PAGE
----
Caching local time zone

David Jarvie lists at
Thu Sep 21 15:55:43 BST 2006

On Thursday 21 September 13:06, Lubos Lunak wrote:
>On Thursday 21 September 2006 11:04, David Jarvie wrote:
>> Using KDateTime for date/times in the local time zone can potentially
>> result in very frequent calls to KSystemTimeZones::local() which fetches
>> and returns the current local system time zone. Depending on the system,
>> that function may open and read files, and compare their contents. Even if
>> the files are still cached (as would usually be the case on a UNIX system
>> when the function calls are made in quick succession), the overhead in file
>> system function calls makes me feel uneasy when the function could be
>> called many times a second if arrays of date/time values are being
>> converted to or from the local time zone.
> Ah, so that's why the class does such awful amount of unnecessary I/O? Note 
>that this does not only affect runtime but also KDE startup (since the I/O 
>cannot be cached at that time, kernel has pretty bad performance when it 
>comes to many small files and of course everybody has the clock applet). Just 
>strace -f startkde to see.

I don't know whether the clock applet has been converted to use KDateTime or KTimeZones yet. (KDateTime only exists on KDE 4 - I don't know 
which KDE version you're referring to.) The amount of I/O needed by KTimeZones depends on the system. In the best case, where a 
file exists and the local system time zone is available from the TZ environment variable, there should only be a couple of files opened. In the 
worst case (e.g. Solaris), all the files in the zoneinfo directory are read at initialisation, and if there is no TZ environment variable 
or /etc/localtime link, finding the local time zone (the first time only) can also result in reading a lot of zoneinfo files. (Looking at the code, it's 
possible that the same files might be read twice - at initialisation and when finding the local time zone. I'll investigate that.) There are a large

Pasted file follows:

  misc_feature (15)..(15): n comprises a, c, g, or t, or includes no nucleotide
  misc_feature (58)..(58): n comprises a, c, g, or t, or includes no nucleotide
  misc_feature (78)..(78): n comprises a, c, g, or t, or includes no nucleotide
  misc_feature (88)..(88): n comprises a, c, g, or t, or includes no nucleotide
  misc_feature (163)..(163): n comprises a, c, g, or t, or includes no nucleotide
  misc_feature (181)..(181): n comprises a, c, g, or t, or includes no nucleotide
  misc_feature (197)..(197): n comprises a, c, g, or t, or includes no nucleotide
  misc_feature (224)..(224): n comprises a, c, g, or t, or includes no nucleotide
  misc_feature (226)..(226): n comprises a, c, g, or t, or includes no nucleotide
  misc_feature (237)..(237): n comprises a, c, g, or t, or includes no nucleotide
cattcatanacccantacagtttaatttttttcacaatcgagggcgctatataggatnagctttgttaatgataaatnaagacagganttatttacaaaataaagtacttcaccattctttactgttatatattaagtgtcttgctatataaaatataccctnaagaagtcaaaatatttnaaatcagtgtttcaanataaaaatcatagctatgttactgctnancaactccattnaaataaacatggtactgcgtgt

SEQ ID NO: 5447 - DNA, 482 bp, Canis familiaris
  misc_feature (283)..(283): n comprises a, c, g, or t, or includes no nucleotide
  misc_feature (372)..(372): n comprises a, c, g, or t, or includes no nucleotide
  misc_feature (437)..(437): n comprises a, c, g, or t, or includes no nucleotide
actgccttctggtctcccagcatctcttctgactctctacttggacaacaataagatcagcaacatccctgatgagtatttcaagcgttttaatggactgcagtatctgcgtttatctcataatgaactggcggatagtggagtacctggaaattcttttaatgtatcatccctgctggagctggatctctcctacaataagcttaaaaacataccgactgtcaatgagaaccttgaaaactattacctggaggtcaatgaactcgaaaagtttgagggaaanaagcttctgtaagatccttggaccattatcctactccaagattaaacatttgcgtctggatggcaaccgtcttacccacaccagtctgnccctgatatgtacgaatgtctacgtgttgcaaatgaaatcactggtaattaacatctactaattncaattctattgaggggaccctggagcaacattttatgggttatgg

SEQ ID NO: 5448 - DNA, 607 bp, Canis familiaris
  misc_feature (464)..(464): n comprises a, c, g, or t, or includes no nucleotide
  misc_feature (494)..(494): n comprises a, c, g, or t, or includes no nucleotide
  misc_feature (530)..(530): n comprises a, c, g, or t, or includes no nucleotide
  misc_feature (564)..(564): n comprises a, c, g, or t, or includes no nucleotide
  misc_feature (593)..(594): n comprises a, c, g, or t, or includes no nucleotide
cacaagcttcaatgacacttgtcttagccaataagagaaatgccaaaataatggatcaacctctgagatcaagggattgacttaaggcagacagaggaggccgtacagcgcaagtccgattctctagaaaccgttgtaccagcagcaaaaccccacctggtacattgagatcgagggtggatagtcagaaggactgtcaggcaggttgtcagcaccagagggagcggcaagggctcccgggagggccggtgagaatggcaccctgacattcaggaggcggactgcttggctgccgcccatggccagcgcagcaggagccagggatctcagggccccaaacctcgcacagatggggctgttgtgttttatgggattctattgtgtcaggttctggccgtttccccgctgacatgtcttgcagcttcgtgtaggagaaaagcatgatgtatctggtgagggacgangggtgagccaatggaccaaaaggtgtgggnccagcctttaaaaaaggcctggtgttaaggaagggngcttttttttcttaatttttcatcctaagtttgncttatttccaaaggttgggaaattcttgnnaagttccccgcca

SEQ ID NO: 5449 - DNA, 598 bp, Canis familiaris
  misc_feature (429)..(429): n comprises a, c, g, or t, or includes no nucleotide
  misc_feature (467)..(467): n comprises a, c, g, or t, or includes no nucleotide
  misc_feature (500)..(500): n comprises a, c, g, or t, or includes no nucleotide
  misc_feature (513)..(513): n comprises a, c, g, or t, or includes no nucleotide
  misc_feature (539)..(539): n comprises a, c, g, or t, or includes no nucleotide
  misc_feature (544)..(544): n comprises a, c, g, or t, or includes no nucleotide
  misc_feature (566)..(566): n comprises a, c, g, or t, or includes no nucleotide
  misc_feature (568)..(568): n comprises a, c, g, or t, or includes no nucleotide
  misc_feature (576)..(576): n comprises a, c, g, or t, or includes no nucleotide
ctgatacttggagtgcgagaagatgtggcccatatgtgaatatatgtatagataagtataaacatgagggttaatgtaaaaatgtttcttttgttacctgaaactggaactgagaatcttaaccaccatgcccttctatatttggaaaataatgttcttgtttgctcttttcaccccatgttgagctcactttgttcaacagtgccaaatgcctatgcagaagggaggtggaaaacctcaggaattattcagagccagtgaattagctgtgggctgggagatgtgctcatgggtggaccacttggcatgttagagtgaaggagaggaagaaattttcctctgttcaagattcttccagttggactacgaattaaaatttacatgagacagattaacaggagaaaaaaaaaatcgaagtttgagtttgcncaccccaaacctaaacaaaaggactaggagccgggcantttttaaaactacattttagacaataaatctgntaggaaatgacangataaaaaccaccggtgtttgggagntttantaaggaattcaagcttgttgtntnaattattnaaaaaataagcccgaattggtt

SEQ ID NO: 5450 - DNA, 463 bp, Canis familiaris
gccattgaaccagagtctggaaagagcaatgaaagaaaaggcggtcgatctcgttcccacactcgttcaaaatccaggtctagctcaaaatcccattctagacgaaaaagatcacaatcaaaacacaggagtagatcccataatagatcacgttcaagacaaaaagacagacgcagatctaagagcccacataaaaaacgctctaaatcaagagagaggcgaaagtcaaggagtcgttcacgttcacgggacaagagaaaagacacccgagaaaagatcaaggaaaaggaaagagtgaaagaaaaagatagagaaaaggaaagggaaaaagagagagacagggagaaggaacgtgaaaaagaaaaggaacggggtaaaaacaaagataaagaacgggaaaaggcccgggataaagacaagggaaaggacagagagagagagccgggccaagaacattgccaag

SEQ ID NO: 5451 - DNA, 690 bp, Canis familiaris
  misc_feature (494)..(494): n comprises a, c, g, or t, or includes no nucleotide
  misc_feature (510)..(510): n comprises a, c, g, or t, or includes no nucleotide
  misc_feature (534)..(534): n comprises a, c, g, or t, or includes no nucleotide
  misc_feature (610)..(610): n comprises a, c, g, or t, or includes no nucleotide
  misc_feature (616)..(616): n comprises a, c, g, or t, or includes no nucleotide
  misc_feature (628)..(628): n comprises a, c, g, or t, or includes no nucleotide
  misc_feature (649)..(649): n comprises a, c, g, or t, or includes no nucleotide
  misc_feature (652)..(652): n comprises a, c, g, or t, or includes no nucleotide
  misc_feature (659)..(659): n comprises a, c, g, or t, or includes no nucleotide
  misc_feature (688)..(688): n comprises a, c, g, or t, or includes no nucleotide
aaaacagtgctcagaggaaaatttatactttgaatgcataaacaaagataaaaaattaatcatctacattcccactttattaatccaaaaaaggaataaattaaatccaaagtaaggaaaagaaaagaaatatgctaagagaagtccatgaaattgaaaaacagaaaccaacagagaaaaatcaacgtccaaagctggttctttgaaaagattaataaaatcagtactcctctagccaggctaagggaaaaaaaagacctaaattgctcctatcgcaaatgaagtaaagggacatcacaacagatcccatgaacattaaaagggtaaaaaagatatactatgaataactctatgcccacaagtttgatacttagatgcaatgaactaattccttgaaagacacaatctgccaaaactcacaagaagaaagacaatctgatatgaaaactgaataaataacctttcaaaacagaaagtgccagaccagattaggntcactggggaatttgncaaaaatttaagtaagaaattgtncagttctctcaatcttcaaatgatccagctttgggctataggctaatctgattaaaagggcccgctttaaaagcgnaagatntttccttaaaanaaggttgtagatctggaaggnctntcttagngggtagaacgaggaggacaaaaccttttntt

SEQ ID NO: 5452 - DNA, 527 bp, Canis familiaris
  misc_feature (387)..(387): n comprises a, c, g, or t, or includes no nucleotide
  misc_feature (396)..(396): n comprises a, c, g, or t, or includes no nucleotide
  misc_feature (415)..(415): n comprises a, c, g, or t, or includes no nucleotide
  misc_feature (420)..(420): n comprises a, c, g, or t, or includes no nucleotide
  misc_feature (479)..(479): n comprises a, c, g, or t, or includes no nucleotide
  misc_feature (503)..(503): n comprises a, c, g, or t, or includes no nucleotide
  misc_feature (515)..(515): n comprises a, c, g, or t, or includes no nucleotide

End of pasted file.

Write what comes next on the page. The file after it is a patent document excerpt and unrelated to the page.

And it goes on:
number of files in zoneinfo, so if your system falls into a worst case category, there could be a large amount of I/O.

> I'd first suggest rethinking the design. Say, a kded module (with the right 
>kded startup phase, see kdebase/ksmserver/README) that does whatever initial 
>checks needed, saves the current timezone to some config file and KTimeZone 
>uses only that.

What should happen during startup if an application requests time zone information before the kded module has run?

> Next startup the module only checks if there have been any 
>changes and does nothing if not. Checking for changes while KDE is running 
>can be done using a file watch.

KTimeZones potentially needs to know about all the system time zones, so as soon as an application asks for the list or refers to a non-local 
one, it needs information on them all (just their identities, not the full details). So if there is no system file, it would probably be useful 
to save the computed in a config file. Your suggestions might well improve things - I'll look into it.

>> Plainly, the system time zone is not going to change frequently, so I think
>> that it would be better to cache it and only reread it periodically. I
>> propose to set a timer to refresh it once a minute. Any
>> comments/objections?
>> Note that this caching applies to the time *zone* (e.g. "Europe/Paris"). It
>> has no impact on the handling of daylight saving time shifts which will
>> still be handled without any time lag.

David Jarvie.
KAlarm author & maintainer.

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